This week, I am working from my parents' house in the Lake District.  It's lovely and quiet here and so cosy in my bed.  I thought I would write from my bed and tell you about the bedspread that I am not allowed to sleep under. It sits on a chair by the window while I am resting.
When my great aunt died, my mother was clearing out the back of a cupboard and found a patchwork bedspread. It was filthy and dusty with a few holes. She gave it a wash, patched the holes and I was delighted it ended up on my bed. It is a proper traditional piece.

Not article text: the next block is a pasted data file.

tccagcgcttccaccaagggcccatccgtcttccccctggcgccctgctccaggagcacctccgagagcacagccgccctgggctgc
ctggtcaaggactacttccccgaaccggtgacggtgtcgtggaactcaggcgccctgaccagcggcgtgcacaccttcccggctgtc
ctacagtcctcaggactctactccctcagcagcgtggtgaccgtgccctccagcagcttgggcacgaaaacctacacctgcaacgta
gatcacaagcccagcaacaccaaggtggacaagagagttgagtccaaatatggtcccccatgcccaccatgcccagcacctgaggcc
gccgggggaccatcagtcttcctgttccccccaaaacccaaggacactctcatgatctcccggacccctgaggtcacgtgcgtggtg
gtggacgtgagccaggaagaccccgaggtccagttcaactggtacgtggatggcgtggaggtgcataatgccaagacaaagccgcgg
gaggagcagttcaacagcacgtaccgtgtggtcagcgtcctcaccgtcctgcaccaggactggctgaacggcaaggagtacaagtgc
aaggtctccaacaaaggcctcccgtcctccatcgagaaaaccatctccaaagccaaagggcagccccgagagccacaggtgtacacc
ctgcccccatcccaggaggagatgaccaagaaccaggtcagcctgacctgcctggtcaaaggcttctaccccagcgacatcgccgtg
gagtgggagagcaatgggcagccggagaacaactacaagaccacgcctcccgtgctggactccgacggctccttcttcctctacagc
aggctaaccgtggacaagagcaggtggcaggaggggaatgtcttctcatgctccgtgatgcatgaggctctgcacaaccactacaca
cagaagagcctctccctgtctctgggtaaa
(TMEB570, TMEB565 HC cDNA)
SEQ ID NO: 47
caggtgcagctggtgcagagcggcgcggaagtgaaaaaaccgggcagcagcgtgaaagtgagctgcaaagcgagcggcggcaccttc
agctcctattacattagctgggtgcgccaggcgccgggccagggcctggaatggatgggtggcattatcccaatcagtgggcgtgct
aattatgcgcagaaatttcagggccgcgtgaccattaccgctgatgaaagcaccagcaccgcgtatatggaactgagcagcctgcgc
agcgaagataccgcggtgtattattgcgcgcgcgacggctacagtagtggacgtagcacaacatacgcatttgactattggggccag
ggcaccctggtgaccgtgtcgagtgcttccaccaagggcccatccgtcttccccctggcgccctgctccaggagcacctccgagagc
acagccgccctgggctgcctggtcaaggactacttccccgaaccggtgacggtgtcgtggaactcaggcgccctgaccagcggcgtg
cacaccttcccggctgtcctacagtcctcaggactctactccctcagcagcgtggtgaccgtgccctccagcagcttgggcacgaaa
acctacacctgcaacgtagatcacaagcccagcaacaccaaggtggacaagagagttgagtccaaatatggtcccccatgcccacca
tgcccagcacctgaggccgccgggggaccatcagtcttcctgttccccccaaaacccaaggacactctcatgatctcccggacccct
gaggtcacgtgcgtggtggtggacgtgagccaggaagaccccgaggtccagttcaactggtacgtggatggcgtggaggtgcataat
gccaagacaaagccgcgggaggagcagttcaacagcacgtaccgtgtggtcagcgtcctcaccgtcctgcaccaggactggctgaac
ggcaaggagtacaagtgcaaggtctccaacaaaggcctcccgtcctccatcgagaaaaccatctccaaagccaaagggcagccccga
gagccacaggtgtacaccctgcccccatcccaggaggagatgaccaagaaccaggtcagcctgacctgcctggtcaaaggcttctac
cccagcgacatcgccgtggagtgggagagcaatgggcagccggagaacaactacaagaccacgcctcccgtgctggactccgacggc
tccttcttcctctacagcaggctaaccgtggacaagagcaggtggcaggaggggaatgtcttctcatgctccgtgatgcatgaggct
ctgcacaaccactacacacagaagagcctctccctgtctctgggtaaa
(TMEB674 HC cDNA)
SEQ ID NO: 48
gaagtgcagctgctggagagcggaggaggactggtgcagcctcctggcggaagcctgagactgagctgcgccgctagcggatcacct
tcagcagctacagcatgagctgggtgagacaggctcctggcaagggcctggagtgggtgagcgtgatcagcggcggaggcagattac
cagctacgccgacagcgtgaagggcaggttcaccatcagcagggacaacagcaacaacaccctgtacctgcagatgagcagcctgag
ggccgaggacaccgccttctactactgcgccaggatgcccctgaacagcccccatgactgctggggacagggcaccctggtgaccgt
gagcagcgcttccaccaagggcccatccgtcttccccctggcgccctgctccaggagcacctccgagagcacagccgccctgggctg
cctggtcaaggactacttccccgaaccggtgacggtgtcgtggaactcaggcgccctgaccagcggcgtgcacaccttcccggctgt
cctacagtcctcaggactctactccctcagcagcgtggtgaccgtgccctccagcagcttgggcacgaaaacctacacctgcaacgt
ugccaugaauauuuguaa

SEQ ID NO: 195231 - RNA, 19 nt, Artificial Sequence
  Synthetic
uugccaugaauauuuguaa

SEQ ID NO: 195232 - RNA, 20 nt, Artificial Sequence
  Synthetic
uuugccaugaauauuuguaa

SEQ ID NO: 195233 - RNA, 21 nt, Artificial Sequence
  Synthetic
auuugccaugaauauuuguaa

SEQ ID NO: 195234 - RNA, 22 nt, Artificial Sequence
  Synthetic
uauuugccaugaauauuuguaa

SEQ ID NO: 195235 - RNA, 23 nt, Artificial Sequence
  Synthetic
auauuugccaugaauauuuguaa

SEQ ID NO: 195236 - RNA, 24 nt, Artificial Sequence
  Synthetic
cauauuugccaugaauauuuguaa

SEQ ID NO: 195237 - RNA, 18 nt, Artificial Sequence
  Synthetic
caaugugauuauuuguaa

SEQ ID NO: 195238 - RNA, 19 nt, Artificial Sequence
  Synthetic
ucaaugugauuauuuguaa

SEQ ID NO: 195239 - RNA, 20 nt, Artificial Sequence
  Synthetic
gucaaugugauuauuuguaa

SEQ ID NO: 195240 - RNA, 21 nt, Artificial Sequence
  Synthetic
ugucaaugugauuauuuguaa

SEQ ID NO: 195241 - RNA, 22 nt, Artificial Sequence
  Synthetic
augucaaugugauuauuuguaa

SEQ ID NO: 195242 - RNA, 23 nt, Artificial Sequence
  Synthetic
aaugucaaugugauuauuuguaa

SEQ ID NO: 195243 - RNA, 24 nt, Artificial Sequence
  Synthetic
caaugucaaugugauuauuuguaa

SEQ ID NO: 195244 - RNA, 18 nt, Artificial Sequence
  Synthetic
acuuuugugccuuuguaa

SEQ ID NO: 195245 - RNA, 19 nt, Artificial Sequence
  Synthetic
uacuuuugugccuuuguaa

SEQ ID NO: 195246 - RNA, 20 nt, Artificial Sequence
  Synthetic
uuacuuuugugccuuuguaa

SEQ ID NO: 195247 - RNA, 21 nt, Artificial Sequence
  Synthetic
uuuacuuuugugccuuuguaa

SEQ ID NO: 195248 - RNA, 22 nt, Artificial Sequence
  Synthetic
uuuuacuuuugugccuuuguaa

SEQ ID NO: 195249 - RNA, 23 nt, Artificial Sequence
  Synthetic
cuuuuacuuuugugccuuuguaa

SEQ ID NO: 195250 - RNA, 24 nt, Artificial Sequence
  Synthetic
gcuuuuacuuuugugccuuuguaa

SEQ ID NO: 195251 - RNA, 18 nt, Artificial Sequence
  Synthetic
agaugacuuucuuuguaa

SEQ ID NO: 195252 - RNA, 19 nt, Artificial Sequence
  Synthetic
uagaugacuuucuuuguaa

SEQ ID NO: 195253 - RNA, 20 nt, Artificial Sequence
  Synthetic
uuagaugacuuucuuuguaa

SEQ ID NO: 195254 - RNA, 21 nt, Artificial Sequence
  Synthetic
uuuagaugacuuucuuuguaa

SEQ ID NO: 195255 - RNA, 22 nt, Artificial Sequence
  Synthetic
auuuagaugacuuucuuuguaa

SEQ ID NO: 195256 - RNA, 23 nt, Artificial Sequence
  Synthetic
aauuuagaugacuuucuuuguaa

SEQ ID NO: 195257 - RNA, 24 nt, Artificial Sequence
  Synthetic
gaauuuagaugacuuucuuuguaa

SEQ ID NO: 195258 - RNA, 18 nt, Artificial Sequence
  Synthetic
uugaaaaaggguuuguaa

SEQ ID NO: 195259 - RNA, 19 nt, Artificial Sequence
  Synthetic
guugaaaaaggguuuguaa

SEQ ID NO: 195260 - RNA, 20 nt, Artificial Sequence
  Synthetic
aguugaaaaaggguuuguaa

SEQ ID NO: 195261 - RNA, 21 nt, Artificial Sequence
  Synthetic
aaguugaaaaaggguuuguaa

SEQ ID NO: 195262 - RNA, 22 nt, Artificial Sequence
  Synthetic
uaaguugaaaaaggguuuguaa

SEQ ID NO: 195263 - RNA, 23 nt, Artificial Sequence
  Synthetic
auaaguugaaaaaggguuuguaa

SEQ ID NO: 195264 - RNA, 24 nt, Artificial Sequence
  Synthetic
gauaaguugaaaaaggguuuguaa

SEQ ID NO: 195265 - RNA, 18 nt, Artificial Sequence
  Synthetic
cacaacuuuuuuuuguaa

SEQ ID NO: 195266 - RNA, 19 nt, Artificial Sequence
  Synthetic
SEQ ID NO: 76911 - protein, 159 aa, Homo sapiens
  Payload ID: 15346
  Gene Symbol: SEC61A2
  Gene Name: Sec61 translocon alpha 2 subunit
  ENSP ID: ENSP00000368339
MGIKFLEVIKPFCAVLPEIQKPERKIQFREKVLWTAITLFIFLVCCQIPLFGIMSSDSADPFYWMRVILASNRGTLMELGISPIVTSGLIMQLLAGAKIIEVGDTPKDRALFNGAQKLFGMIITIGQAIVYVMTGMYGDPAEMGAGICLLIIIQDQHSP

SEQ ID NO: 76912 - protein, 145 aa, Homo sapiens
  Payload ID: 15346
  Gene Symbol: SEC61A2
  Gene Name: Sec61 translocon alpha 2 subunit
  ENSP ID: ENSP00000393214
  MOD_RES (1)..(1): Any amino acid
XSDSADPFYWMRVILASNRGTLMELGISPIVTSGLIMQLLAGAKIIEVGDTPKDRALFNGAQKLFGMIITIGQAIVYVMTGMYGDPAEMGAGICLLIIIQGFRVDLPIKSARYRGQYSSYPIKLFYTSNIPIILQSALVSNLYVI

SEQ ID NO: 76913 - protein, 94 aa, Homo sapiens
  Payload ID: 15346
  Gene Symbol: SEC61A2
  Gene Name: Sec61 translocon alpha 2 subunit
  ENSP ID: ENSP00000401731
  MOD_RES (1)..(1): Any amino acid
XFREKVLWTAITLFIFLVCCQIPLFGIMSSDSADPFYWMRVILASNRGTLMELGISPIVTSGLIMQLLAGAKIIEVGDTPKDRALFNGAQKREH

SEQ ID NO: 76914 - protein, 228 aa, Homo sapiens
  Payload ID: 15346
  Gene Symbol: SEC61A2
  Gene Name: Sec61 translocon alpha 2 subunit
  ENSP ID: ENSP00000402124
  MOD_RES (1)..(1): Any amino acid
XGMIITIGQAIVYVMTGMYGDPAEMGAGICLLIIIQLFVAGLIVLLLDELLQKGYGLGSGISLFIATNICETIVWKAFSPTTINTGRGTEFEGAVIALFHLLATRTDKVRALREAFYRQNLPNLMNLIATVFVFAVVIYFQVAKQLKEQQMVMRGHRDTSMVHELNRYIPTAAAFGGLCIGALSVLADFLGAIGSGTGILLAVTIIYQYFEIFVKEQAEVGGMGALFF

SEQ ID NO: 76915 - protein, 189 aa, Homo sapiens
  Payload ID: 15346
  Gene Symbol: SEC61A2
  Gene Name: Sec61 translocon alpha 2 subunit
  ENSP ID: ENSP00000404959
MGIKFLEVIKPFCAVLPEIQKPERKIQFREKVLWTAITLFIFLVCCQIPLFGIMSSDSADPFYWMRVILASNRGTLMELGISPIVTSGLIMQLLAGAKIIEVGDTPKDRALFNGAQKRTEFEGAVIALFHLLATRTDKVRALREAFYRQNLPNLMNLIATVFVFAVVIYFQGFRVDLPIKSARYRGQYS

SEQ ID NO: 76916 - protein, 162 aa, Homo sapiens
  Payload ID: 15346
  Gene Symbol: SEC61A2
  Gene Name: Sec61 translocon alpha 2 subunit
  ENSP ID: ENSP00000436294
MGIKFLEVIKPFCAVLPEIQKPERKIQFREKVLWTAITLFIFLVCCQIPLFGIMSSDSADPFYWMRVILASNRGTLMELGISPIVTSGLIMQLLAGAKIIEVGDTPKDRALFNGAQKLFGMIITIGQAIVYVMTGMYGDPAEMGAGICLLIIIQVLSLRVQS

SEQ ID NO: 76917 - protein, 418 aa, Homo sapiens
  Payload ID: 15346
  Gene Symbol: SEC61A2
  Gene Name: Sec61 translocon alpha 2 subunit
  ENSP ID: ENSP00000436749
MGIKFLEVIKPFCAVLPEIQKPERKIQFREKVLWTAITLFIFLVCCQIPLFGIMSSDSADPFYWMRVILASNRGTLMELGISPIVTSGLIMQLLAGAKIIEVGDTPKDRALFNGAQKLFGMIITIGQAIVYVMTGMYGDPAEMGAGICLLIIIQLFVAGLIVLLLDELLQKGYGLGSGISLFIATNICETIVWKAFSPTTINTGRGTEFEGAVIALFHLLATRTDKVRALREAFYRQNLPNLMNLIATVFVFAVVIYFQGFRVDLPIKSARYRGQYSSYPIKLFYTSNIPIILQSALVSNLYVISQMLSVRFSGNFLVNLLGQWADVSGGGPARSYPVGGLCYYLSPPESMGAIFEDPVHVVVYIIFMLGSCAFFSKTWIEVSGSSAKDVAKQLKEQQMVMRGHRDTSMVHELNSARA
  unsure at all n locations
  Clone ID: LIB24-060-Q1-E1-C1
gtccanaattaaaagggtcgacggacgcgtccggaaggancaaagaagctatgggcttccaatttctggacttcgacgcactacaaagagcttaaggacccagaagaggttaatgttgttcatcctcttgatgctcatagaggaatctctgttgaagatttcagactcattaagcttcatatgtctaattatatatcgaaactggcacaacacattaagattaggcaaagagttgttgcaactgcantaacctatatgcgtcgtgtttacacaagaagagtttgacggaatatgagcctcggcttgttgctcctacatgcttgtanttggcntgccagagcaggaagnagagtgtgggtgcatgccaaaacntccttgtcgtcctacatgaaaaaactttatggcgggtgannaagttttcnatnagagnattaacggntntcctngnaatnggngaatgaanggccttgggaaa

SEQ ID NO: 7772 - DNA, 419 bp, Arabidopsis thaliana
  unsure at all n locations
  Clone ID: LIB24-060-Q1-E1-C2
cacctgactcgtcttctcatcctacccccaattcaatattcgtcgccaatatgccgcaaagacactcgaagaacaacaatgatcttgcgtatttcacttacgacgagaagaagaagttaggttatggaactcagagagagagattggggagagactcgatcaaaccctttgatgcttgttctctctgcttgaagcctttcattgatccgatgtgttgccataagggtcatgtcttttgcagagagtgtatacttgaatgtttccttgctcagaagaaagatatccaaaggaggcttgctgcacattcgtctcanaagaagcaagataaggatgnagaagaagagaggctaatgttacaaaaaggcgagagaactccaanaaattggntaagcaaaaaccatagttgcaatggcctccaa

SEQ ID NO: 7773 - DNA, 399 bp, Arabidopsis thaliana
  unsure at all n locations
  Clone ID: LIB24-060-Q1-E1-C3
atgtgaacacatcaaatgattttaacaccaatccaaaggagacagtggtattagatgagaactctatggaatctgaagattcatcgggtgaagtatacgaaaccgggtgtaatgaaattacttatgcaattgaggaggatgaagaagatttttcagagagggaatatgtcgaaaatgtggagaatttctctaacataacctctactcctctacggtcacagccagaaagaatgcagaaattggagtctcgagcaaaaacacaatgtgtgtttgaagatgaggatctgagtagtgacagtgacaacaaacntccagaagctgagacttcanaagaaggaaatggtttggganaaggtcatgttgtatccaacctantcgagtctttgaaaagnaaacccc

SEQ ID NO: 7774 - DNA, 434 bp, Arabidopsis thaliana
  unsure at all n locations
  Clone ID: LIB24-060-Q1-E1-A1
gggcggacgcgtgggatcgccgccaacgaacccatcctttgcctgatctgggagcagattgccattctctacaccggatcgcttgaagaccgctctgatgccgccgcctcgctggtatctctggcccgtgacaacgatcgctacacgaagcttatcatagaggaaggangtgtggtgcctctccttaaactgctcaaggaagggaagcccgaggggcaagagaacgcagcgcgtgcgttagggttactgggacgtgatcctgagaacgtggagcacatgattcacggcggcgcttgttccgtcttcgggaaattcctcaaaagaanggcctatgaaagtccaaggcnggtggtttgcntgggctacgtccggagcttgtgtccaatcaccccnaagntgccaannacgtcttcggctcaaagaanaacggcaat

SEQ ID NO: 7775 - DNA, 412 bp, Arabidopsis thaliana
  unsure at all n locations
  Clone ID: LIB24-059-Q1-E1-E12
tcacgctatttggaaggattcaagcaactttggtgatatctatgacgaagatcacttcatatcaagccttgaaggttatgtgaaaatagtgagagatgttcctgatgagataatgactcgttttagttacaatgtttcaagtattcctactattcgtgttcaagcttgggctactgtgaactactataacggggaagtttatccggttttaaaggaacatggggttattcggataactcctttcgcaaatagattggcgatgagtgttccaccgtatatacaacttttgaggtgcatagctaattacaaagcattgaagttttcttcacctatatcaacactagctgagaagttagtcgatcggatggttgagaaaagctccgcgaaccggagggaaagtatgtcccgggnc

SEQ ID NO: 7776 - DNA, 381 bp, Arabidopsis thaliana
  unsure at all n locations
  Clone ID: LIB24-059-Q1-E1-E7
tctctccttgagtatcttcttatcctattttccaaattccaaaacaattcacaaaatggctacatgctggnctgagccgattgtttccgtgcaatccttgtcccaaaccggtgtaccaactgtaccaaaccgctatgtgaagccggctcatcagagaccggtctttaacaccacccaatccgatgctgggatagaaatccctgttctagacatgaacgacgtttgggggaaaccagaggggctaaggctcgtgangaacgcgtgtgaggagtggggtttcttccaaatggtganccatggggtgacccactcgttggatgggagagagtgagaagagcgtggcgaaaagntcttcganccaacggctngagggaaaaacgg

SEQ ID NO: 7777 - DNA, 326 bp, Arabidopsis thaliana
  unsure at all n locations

Then mother was invited to a ladies lunch where they went to an exhibition about patchwork.  To her suprise she saw our new bedspread hanging in the show.  Here is the picture from the catalogue. 

The caption read, 
"A large chintz central panel of a palm tree with foliage and birds with stylised oriental leaves of 1815-1817 surrounded by a furnishing floral pattern dating from the early 1800's. This quilt is an excellent example of the original vegetable dyes. Particularly note the blue on yellow squares with green leaves. The selvedges indicate the narrow width of the material."
The curator said it was originally sold in kit form, so our bedspread would be slightly different, but it has the same panel with the birds and simular surrounding patches.

I am not allowed to sleep under the bedspread anymore, or drink tea any where near it, but it serves as a lovely welcome when I come home.